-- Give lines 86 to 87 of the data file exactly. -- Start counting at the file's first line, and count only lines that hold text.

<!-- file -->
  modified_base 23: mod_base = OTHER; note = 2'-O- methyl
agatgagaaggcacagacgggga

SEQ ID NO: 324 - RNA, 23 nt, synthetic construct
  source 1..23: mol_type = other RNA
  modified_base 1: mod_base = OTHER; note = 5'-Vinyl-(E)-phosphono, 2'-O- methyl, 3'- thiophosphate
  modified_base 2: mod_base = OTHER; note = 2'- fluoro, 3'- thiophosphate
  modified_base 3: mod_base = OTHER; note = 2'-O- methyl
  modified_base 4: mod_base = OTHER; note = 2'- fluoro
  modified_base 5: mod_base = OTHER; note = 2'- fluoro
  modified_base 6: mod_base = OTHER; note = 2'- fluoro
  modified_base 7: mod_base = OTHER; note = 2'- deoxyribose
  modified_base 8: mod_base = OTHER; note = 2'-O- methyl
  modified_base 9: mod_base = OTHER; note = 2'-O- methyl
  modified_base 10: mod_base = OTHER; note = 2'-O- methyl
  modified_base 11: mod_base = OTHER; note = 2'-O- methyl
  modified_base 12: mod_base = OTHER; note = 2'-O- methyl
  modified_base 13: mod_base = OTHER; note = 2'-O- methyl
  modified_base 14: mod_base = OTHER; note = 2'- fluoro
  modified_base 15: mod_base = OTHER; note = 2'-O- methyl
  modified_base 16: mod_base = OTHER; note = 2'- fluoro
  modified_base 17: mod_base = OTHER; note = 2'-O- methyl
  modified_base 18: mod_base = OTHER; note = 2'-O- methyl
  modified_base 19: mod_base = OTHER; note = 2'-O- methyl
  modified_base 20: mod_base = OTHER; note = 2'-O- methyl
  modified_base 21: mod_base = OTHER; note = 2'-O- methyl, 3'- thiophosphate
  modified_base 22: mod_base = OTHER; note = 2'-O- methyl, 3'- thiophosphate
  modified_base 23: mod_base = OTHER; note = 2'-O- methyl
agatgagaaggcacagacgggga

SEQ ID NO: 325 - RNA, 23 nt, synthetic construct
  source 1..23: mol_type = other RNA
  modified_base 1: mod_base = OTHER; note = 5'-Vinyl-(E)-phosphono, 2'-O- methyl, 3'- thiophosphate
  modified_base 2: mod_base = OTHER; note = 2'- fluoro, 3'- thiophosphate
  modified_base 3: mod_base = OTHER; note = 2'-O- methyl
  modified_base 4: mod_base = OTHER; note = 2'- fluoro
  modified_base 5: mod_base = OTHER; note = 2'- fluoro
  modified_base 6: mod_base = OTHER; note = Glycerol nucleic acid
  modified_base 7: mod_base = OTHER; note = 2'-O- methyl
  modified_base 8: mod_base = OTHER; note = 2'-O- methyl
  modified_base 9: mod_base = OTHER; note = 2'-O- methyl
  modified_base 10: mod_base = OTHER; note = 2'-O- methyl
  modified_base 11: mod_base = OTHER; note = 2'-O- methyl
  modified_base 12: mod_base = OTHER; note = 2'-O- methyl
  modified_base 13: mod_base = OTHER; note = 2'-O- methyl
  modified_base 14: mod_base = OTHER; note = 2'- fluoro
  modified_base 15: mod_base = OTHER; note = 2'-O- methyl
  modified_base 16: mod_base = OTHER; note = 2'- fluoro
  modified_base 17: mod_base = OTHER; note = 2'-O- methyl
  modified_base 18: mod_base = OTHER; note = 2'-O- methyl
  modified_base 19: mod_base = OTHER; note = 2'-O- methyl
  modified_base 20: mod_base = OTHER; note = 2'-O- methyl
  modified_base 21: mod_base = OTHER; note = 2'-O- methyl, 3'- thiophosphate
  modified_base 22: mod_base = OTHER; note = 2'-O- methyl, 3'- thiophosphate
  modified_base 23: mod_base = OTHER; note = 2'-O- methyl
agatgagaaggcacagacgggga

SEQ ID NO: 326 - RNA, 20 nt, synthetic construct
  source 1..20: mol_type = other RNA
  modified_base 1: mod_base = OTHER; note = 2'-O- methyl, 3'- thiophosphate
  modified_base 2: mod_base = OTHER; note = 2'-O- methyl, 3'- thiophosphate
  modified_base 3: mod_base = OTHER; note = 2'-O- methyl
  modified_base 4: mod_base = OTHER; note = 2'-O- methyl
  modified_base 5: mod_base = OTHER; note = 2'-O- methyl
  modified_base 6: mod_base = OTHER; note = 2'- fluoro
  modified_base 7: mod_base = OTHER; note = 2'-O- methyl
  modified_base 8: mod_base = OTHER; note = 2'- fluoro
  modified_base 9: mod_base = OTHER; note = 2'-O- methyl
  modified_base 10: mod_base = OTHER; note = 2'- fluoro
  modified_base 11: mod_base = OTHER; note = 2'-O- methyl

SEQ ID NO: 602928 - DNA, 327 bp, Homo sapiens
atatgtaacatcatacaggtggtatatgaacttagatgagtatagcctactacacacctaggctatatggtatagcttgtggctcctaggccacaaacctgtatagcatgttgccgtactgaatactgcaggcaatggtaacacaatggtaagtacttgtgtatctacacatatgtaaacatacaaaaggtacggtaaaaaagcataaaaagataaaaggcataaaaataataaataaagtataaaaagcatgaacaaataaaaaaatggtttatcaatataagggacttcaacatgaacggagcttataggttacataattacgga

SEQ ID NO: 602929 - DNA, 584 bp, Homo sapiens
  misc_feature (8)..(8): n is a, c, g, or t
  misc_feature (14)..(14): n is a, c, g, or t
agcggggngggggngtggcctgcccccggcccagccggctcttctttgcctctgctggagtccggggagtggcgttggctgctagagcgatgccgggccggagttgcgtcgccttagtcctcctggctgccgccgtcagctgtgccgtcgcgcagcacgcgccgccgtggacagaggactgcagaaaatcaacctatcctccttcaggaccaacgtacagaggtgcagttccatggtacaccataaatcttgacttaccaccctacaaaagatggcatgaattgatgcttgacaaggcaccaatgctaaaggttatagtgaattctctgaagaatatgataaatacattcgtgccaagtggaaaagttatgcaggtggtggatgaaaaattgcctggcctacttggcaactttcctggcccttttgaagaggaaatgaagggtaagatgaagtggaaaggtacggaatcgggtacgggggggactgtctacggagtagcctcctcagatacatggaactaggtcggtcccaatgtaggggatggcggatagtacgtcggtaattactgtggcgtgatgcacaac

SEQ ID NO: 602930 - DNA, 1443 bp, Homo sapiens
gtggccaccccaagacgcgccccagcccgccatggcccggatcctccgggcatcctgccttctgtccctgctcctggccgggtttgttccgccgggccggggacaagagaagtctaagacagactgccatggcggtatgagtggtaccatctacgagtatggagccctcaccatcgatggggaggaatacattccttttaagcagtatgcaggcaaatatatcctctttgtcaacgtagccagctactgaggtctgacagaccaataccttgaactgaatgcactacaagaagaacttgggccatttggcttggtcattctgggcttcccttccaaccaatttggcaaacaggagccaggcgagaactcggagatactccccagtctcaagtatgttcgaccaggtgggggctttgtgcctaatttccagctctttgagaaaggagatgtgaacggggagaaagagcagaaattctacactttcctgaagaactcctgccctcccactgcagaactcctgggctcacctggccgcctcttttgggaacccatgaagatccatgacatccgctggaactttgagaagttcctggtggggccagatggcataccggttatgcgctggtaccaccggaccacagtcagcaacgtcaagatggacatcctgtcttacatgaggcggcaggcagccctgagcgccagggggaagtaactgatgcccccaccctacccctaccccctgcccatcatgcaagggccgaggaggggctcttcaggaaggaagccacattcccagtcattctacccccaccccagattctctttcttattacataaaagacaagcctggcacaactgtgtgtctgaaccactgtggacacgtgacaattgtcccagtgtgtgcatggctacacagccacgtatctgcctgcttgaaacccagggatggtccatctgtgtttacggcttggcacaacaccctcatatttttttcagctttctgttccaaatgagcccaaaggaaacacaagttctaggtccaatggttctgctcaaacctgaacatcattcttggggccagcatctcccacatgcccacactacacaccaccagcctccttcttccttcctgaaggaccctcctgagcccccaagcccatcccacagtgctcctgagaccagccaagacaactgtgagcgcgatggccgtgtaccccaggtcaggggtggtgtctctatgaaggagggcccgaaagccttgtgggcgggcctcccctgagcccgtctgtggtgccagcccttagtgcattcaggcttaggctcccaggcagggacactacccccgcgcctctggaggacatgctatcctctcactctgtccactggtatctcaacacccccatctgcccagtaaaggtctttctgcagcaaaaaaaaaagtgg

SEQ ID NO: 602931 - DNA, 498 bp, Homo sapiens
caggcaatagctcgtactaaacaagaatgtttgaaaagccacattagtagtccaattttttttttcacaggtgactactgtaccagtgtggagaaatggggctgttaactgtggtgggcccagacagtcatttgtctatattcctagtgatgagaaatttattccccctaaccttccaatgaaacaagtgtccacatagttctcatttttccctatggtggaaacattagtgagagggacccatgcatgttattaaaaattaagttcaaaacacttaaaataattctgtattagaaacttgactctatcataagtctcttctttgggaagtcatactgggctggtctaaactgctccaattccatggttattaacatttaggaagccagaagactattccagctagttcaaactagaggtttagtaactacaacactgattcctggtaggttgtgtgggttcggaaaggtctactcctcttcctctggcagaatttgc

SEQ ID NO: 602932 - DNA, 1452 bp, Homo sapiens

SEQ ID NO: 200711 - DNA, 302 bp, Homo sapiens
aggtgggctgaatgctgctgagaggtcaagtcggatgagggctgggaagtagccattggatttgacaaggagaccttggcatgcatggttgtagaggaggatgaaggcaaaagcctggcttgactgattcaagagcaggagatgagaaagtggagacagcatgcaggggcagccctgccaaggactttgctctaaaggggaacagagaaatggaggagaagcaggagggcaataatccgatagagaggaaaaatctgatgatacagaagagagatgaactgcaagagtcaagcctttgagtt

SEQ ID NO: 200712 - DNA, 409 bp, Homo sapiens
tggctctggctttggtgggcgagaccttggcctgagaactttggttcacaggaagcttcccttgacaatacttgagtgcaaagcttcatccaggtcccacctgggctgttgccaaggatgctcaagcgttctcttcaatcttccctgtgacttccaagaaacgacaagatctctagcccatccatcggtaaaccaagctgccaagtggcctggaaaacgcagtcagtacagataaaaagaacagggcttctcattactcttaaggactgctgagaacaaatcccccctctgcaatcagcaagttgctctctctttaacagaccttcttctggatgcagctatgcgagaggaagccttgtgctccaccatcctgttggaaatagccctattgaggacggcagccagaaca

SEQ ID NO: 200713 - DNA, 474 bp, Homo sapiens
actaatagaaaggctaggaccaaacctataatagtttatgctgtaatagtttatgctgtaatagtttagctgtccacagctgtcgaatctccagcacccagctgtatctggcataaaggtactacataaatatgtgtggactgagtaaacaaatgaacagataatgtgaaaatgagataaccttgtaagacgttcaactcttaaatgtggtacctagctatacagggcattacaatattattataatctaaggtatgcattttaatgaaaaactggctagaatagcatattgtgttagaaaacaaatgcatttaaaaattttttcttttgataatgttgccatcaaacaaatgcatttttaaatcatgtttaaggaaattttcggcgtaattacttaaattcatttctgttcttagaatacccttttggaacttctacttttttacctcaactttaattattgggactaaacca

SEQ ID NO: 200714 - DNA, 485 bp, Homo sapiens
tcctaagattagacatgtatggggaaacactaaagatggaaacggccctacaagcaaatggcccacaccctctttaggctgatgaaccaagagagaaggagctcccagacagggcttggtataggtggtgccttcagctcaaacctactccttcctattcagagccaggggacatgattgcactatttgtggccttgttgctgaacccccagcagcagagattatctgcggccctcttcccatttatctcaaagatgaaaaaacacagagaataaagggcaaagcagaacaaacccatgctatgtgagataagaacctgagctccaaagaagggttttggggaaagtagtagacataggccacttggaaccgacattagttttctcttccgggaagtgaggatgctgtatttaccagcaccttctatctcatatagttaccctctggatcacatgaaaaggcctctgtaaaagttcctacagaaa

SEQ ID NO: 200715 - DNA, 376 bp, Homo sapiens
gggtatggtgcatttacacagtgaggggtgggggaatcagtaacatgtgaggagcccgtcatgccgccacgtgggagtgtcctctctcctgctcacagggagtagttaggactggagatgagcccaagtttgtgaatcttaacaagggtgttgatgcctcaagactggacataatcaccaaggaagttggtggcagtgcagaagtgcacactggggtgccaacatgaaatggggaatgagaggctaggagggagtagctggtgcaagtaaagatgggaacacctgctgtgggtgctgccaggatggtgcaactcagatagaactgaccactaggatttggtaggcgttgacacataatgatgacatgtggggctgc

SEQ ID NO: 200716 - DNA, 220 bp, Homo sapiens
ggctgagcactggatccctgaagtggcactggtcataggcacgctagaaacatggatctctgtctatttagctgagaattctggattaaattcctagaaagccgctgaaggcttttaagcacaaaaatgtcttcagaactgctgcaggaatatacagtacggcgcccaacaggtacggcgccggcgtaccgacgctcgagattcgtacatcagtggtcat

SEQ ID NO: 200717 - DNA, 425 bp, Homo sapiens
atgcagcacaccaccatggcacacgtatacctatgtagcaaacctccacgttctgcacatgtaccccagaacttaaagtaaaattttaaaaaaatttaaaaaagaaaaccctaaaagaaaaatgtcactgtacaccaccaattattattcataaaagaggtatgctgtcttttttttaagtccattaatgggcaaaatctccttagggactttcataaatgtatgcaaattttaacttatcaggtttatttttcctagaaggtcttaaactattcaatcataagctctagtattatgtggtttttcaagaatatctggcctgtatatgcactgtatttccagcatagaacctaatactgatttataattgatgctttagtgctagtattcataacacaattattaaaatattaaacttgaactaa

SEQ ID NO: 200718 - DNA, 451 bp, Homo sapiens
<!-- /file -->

tcctaagattagacatgtatggggaaacactaaagatggaaacggccctacaagcaaatggcccacaccctctttaggctgatgaaccaagagagaaggagctcccagacagggcttggtataggtggtgccttcagctcaaacctactccttcctattcagagccaggggacatgattgcactatttgtggccttgttgctgaacccccagcagcagagattatctgcggccctcttcccatttatctcaaagatgaaaaaacacagagaataaagggcaaagcagaacaaacccatgctatgtgagataagaacctgagctccaaagaagggttttggggaaagtagtagacataggccacttggaaccgacattagttttctcttccgggaagtgaggatgctgtatttaccagcaccttctatctcatatagttaccctctggatcacatgaaaaggcctctgtaaaagttcctacagaaa

SEQ ID NO: 200715 - DNA, 376 bp, Homo sapiens